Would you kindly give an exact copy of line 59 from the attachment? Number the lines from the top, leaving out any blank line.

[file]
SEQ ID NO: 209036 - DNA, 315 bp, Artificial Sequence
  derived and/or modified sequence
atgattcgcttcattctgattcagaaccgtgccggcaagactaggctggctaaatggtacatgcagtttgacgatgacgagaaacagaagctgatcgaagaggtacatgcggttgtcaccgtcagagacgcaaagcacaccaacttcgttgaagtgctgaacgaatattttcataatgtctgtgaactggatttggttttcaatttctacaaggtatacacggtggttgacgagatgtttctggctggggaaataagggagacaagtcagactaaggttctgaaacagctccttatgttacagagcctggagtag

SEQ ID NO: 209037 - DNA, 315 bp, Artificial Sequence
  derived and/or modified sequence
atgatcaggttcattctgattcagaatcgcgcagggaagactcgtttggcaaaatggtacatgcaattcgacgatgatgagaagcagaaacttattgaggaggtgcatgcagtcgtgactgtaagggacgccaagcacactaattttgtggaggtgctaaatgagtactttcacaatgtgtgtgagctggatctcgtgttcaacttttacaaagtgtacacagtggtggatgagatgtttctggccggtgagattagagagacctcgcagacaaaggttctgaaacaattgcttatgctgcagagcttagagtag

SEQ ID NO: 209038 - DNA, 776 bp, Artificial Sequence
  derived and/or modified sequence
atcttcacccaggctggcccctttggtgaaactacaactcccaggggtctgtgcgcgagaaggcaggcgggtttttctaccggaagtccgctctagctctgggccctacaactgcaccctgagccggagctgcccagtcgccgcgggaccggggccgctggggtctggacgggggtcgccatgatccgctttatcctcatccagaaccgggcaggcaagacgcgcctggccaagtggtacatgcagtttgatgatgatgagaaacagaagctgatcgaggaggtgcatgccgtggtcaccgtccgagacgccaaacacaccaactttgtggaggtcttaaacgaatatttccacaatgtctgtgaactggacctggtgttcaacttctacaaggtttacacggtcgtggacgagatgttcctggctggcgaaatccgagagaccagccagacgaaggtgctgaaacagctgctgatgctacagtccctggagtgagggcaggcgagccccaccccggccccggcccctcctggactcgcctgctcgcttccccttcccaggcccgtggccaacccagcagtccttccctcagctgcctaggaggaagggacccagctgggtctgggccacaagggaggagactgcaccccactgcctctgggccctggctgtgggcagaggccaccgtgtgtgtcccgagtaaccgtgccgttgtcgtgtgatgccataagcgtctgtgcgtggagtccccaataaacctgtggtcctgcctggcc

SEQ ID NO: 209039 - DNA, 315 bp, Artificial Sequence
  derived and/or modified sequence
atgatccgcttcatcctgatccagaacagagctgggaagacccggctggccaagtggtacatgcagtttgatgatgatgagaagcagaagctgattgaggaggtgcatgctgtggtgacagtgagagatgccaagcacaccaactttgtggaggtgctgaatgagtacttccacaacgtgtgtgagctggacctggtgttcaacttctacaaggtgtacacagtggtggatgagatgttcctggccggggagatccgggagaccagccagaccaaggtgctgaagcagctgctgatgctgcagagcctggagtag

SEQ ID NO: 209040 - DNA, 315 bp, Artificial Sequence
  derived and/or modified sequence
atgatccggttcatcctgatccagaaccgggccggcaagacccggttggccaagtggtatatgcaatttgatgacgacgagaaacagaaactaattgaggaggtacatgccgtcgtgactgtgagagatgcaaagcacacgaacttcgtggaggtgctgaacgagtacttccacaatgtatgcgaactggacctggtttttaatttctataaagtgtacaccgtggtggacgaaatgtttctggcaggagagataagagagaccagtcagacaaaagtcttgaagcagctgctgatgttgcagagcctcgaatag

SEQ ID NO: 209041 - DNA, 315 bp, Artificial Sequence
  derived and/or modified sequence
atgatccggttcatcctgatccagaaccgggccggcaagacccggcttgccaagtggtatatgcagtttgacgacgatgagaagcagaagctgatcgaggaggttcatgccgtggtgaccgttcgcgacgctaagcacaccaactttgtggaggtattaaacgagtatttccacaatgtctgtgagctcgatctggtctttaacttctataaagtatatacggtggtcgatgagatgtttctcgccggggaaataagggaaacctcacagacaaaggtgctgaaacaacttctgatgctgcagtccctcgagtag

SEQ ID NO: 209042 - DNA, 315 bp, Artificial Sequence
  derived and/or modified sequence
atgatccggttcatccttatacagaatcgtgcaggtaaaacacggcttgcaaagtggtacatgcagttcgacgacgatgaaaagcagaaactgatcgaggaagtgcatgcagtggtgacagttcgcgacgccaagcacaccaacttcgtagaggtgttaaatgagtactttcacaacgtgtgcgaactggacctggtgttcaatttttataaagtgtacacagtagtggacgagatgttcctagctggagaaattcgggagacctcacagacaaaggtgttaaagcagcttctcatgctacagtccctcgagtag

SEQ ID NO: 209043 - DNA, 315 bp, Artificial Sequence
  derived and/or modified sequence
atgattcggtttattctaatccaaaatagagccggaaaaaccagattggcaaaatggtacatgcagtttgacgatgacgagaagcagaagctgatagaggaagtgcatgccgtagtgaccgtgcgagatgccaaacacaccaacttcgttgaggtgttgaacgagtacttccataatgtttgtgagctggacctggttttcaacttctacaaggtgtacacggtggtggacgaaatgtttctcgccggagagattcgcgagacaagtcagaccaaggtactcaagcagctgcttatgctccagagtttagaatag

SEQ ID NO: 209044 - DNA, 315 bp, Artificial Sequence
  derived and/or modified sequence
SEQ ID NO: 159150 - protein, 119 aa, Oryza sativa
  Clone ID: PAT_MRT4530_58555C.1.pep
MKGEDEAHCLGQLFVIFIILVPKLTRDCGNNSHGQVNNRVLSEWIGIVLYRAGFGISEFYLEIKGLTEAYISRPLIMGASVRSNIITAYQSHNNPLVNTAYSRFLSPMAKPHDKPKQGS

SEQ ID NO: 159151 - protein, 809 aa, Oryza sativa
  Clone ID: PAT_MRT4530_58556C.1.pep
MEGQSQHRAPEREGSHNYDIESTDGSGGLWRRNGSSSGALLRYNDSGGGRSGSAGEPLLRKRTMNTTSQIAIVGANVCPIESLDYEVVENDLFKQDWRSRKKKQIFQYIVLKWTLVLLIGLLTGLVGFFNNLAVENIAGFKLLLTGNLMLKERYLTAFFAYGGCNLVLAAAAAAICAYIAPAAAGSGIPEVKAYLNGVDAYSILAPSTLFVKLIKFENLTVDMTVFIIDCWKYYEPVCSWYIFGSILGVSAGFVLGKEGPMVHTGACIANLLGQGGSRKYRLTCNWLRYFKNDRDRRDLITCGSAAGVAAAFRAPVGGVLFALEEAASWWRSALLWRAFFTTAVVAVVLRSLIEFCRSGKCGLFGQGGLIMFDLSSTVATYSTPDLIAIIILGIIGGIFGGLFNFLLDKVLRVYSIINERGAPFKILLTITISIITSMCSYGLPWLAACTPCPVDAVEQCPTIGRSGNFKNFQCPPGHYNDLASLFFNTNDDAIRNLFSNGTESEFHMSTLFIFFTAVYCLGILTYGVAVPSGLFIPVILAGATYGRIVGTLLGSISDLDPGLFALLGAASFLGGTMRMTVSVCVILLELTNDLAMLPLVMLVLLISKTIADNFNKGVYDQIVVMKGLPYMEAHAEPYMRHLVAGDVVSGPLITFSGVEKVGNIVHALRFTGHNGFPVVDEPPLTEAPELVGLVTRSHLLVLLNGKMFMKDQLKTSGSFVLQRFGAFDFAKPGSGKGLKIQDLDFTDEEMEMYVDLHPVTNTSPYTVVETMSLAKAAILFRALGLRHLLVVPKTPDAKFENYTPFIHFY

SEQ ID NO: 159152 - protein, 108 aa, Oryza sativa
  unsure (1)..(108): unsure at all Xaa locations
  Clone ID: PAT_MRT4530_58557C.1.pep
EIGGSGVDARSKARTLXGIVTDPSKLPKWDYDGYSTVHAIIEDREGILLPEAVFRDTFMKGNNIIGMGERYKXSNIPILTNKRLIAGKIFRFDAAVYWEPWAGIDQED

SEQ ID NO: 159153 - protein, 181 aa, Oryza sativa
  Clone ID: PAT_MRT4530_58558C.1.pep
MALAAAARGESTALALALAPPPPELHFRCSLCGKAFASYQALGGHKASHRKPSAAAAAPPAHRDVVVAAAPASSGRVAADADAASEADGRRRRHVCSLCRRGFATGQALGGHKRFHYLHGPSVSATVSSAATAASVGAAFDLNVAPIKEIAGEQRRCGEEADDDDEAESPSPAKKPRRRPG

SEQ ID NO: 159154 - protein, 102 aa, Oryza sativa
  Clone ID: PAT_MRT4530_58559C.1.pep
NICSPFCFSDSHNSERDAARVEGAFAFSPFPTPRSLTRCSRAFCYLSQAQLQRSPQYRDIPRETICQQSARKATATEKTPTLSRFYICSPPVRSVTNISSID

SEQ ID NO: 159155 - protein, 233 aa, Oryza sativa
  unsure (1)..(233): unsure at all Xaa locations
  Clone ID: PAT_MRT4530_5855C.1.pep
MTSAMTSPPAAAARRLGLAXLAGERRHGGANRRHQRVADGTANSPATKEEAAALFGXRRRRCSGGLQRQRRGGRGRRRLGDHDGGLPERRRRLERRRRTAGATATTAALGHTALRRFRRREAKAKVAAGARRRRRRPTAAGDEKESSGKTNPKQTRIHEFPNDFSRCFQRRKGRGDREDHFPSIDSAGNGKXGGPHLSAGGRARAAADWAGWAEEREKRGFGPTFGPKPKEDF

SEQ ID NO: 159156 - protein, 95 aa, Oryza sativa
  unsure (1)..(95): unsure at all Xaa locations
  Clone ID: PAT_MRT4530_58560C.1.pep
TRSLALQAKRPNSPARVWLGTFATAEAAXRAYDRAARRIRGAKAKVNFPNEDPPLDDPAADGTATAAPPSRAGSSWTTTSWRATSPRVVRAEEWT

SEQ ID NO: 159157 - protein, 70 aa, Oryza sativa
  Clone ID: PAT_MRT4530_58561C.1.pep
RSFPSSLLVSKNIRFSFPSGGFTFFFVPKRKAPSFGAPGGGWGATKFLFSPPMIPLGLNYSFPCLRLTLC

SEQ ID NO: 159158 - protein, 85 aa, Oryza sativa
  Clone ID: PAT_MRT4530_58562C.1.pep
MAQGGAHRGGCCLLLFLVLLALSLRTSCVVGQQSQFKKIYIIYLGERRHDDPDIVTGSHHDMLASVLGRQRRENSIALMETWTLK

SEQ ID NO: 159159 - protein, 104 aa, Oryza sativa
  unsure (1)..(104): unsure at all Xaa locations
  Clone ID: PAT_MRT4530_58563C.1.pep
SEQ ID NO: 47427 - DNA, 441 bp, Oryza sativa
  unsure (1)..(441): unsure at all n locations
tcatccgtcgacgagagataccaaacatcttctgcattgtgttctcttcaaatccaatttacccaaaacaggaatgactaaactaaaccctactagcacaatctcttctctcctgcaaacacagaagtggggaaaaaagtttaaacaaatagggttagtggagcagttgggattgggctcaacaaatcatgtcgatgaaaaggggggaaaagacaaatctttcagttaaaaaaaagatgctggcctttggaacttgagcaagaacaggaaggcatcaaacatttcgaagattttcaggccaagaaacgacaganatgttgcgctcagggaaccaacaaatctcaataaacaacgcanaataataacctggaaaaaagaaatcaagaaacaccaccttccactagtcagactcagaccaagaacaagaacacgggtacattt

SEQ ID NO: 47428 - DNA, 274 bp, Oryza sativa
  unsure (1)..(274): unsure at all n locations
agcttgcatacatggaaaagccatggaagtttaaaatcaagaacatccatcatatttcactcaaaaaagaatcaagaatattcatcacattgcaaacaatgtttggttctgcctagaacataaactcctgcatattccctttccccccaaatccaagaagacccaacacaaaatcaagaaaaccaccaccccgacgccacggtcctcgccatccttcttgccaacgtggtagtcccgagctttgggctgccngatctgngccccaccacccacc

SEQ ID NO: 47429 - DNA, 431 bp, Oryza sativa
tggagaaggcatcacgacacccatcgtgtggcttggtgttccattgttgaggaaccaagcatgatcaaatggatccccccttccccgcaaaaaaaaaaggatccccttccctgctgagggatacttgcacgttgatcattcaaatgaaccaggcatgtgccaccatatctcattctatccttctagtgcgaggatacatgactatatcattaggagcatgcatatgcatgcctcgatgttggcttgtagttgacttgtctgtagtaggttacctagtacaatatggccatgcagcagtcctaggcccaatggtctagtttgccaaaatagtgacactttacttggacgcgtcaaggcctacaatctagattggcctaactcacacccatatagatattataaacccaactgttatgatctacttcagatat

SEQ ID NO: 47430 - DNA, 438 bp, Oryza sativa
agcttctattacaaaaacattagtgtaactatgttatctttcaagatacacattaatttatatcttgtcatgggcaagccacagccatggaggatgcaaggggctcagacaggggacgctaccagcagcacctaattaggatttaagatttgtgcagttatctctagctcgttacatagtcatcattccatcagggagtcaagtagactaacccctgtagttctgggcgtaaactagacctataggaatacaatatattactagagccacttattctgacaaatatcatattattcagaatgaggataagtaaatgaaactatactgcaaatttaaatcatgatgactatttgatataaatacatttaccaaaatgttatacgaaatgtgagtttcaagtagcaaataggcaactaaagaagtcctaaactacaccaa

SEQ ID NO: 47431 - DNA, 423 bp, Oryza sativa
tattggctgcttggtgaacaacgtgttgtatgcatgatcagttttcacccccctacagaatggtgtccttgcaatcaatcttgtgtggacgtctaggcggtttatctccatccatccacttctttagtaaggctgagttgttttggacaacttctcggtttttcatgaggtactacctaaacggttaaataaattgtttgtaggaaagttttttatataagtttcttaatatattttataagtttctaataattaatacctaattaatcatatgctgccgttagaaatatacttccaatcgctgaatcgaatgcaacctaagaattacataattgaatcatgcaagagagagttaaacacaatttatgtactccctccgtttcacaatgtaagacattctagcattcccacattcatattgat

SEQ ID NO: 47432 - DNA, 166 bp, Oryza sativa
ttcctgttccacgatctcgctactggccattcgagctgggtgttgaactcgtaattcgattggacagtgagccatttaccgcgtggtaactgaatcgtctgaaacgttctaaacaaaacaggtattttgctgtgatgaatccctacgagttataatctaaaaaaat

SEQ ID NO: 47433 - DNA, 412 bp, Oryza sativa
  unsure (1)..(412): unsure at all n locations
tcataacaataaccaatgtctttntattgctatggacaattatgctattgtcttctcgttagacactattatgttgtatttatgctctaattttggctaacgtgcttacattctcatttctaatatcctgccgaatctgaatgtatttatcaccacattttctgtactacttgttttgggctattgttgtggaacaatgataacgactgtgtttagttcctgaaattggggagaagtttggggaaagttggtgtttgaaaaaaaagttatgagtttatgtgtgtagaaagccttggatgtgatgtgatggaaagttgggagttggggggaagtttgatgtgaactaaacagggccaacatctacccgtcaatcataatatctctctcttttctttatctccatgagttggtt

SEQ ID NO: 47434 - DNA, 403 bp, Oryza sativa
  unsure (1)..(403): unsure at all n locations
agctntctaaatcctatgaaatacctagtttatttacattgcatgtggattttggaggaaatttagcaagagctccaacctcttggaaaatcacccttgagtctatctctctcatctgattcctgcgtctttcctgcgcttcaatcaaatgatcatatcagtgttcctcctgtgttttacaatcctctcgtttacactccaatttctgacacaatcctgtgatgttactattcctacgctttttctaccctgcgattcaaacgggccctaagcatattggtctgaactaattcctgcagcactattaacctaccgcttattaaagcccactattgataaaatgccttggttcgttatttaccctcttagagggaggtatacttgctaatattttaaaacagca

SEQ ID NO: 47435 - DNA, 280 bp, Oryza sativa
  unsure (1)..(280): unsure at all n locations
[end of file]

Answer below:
  Clone ID: PAT_MRT4530_58563C.1.pep